The Board of Regents approved the University of Louisiana's agreement to participate in the Grad Act passed by the state legislature during its last session.

Under the newly created law, the Regents have the responsibility for entering into six-year performance agreements with participating institutions.

"The Grad Act reinforces the university's strategic plan which at its core, focuses efforts on improving student services. We embrace the goals of the Grad Act and look forward to realizing its success, " said UL President Joseph Savoie.

The Grad Act includes four performance objectives - student success, articulation and transfer, workforce and economic development, and institutional efficiency and accountability. Earlier this week, the Regents reviewed the critical area of student success.

For that objective, UL reported a baseline retention rate of 75.9 percent for freshmen returning as sophomores from Fall 2008 to Fall 2009. This retention rate is currently one of the two highest among all public universities in the state. The data is being used a baseline for the next six years.

The university estimates that retention rates will increase to 78 percent for freshmen entering their sophomore year by year six of the agreement.

"In general, two factors will positively influence the increasing retention rates," said Dr. Carolyn Bruder, interim Provost and Vice President of Academic Affairs. "The first is the deployment of the new university-wide First-Year Seminar for all incoming freshmen, the Cajun Connection. The second is the implementation of more stringent admission standards in Fall 2012 which should support increased retention."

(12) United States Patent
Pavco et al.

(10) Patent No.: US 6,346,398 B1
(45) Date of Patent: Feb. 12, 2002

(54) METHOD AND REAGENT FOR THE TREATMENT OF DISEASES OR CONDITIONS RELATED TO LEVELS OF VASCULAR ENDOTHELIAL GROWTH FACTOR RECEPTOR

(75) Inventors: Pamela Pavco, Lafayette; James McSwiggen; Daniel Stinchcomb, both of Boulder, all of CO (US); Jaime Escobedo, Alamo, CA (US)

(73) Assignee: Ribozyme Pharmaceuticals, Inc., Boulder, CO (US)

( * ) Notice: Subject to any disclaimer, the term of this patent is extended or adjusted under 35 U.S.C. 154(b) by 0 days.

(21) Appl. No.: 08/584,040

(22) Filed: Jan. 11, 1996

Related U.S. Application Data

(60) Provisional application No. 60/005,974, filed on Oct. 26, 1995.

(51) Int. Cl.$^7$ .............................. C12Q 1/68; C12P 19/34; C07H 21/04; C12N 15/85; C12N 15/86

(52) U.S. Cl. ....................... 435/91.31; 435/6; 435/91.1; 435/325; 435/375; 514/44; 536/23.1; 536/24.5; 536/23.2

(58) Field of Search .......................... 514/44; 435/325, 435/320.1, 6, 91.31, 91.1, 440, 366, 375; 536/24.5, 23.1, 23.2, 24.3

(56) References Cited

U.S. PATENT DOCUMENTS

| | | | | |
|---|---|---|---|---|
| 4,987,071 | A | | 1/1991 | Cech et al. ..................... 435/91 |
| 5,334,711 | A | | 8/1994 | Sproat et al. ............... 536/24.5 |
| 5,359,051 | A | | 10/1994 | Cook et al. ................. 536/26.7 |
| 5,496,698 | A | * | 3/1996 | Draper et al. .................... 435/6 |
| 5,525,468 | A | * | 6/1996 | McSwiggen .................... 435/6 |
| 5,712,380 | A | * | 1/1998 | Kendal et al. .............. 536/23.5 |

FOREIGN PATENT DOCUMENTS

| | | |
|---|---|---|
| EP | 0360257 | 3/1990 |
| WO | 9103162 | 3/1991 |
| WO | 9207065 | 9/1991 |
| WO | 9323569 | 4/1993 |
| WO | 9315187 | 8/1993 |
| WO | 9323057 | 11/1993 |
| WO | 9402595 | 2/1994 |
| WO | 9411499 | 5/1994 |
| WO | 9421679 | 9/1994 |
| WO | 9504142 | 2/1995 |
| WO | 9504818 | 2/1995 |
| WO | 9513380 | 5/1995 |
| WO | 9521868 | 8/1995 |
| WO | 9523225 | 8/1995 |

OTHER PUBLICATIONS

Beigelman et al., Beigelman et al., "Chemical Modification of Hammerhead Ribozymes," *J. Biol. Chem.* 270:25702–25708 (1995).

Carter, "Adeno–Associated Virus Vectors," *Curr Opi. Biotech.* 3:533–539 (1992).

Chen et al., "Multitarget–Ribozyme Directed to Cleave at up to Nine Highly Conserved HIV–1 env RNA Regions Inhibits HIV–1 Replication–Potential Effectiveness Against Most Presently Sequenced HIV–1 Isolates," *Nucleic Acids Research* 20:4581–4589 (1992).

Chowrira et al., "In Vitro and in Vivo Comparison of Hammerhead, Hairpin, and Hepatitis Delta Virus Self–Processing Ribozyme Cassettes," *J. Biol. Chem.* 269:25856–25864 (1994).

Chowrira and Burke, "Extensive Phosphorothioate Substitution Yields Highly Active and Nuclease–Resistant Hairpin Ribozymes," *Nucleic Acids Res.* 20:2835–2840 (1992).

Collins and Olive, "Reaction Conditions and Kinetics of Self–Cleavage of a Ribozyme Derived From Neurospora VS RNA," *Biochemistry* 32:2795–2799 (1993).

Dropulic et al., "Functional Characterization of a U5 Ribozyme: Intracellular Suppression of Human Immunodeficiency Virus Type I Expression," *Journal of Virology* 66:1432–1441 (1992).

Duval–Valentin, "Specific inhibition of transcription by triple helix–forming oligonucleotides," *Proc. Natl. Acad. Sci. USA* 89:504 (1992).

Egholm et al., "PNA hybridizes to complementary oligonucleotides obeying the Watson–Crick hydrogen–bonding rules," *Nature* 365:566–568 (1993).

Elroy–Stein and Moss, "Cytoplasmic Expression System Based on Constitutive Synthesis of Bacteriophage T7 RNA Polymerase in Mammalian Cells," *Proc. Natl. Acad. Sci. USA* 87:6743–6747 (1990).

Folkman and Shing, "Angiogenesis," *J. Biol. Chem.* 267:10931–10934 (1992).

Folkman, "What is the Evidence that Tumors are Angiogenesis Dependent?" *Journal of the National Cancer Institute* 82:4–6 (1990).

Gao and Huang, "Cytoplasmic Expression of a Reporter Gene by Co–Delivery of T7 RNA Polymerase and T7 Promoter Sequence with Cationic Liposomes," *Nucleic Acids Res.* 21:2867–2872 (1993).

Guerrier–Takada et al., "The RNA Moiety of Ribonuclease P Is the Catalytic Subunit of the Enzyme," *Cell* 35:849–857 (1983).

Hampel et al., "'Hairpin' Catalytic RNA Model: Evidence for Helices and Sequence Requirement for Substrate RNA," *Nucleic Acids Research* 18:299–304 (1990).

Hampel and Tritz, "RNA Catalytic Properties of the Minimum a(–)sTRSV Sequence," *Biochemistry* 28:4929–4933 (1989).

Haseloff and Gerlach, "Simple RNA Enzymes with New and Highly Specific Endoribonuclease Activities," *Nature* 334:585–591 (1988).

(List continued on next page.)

The First-Year Seminar focuses on stimulating incoming students' intellectual curiosity and social responsibility, and providing them with knowledge and insights necessary for fulfillment and success in college.

Student mentors assist trained faculty members who help with connecting and engaging incoming freshmen. The seminar promotes understanding of university life and processes and will create a sense of belonging to the university.

In addition to retention, UL's report on student success addressed graduation rates of entering freshmen in a six-year period. With a baseline of 40.2 percent, the university currently has one the three highest graduation rate among public universities in Louisiana. UL expects to increase graduation rates to 50 percent in the six-year timetable.

Strategies to increase these rates include increasing student support services, reviewing admission standards for reentry students, increasing dual enrollment opportunities so that students come to the university with an increased number of college credits, recruiting high-quality transfer students and increasing the number of courses and programs offered through distance and electronic learning.

The Grad Act allows participating schools that meet benchmarks to increase tuition by up to 10 percent a year until they reach the average of similar schools in the South. Once schools reach the Southern average, they can increase tuition up to 5 percent a year or an amount equal to the growth in a national higher education price index, whichever is greater.


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